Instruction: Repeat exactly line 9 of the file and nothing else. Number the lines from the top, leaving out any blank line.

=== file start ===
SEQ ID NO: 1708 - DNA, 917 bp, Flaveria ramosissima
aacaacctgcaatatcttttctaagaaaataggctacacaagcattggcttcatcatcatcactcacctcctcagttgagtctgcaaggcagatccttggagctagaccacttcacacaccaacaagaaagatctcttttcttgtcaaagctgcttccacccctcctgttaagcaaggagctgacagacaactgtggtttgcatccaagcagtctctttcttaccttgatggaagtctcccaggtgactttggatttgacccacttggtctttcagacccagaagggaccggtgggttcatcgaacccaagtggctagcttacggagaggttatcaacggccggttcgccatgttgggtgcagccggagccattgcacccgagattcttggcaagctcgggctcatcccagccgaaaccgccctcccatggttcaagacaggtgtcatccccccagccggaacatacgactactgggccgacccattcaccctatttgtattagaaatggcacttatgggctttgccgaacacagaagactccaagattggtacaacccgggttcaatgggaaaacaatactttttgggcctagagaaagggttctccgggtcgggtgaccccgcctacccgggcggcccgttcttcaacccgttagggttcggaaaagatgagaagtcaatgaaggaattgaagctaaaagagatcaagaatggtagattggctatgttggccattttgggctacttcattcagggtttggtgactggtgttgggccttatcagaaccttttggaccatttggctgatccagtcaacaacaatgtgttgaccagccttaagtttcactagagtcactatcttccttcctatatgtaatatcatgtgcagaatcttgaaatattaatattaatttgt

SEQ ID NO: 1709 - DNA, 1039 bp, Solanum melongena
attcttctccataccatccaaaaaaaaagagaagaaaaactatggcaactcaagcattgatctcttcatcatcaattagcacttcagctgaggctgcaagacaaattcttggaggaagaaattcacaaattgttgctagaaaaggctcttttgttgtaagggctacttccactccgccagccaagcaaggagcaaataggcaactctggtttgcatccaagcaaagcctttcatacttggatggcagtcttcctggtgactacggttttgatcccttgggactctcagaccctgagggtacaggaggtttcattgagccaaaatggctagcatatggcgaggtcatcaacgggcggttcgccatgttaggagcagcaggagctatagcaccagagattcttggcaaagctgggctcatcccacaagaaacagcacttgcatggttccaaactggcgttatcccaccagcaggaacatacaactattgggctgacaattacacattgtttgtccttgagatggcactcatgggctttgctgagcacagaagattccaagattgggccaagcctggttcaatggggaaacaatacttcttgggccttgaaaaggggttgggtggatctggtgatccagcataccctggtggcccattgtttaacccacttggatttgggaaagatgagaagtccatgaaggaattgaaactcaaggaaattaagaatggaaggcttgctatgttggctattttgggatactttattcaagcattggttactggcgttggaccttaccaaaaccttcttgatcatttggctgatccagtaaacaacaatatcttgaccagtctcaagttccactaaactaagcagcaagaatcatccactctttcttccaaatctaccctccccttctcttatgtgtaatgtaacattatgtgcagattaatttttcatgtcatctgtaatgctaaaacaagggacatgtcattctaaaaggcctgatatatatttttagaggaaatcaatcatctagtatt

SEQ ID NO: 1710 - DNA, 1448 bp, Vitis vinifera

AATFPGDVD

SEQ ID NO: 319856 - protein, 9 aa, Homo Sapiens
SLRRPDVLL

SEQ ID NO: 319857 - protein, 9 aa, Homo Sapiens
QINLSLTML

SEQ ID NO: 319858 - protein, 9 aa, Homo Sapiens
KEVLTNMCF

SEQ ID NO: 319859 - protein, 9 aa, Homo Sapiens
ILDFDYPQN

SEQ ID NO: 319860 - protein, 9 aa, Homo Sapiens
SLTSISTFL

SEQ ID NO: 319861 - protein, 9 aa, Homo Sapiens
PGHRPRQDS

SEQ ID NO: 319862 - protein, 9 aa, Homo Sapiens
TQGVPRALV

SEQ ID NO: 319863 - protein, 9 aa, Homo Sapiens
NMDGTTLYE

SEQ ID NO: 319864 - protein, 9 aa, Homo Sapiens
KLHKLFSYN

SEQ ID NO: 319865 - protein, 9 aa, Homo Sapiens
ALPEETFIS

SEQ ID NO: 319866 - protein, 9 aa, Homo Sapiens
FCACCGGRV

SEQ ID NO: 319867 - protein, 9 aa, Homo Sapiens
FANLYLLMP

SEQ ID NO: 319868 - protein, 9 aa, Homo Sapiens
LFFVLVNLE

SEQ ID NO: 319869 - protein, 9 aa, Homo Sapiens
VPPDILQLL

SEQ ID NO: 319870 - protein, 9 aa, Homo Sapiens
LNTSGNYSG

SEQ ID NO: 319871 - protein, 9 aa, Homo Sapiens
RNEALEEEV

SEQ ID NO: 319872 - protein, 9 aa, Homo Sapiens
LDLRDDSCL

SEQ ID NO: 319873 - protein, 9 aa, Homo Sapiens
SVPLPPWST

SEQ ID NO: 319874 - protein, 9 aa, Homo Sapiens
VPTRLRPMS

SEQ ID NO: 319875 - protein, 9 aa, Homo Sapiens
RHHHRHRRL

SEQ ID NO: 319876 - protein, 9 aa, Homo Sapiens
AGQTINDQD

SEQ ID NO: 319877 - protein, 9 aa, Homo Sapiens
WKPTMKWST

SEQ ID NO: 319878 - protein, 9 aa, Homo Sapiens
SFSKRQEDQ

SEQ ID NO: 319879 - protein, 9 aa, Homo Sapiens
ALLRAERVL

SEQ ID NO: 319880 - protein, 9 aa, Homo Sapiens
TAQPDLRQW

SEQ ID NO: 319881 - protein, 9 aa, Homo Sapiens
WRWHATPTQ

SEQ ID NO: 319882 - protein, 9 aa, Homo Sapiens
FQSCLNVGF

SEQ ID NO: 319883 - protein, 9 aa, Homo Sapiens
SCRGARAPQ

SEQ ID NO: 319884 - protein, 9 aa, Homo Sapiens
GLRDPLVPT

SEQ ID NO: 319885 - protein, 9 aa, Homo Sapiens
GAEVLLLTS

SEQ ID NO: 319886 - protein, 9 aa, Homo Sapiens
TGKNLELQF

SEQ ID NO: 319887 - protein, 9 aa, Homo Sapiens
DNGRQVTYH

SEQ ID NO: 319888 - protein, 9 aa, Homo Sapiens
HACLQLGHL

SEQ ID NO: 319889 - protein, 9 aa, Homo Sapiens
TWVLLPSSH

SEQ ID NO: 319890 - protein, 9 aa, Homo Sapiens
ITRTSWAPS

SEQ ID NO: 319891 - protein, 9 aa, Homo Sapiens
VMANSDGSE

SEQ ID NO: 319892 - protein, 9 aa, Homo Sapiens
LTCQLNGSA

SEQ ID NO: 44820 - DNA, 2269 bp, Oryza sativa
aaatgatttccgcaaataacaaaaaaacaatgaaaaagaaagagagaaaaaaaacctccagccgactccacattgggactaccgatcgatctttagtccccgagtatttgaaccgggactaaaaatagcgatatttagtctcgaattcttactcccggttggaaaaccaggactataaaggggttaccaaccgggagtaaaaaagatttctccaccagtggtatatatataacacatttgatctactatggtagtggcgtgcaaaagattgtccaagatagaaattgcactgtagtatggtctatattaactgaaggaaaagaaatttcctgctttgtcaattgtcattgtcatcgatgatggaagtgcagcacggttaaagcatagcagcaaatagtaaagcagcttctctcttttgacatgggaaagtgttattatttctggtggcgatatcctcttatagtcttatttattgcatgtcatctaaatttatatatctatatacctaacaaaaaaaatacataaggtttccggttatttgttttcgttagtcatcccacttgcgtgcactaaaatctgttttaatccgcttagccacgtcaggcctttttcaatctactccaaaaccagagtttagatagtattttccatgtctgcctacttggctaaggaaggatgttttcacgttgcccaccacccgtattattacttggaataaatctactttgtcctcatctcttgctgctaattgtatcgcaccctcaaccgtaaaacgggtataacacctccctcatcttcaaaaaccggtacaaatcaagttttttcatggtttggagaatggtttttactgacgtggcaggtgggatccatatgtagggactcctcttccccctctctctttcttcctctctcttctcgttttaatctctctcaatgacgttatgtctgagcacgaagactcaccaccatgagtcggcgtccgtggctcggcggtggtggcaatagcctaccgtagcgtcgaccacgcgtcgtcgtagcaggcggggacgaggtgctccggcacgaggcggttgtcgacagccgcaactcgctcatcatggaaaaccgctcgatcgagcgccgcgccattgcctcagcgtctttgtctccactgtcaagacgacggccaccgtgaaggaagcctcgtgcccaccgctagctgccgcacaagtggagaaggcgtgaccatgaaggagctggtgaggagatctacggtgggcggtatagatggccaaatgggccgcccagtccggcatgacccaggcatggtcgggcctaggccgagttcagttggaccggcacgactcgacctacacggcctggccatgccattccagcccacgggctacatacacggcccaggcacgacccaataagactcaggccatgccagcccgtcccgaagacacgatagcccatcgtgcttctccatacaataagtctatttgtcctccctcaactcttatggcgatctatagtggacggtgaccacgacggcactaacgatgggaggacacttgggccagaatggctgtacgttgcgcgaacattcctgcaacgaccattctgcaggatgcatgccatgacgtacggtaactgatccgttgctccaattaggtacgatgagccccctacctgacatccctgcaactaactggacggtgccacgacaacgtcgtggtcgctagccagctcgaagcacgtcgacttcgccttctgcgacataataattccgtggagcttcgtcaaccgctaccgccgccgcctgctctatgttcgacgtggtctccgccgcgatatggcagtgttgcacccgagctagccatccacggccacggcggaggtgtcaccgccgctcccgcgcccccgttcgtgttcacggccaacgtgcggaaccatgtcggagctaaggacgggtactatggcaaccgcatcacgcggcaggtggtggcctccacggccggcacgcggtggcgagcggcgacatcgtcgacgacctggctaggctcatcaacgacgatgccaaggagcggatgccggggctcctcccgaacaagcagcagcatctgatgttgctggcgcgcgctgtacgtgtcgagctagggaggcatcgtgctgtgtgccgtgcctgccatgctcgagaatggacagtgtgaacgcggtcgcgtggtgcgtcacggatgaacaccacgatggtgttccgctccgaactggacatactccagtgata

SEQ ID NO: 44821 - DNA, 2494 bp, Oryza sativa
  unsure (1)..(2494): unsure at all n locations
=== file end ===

SEQ ID NO: 319857 - protein, 9 aa, Homo Sapiens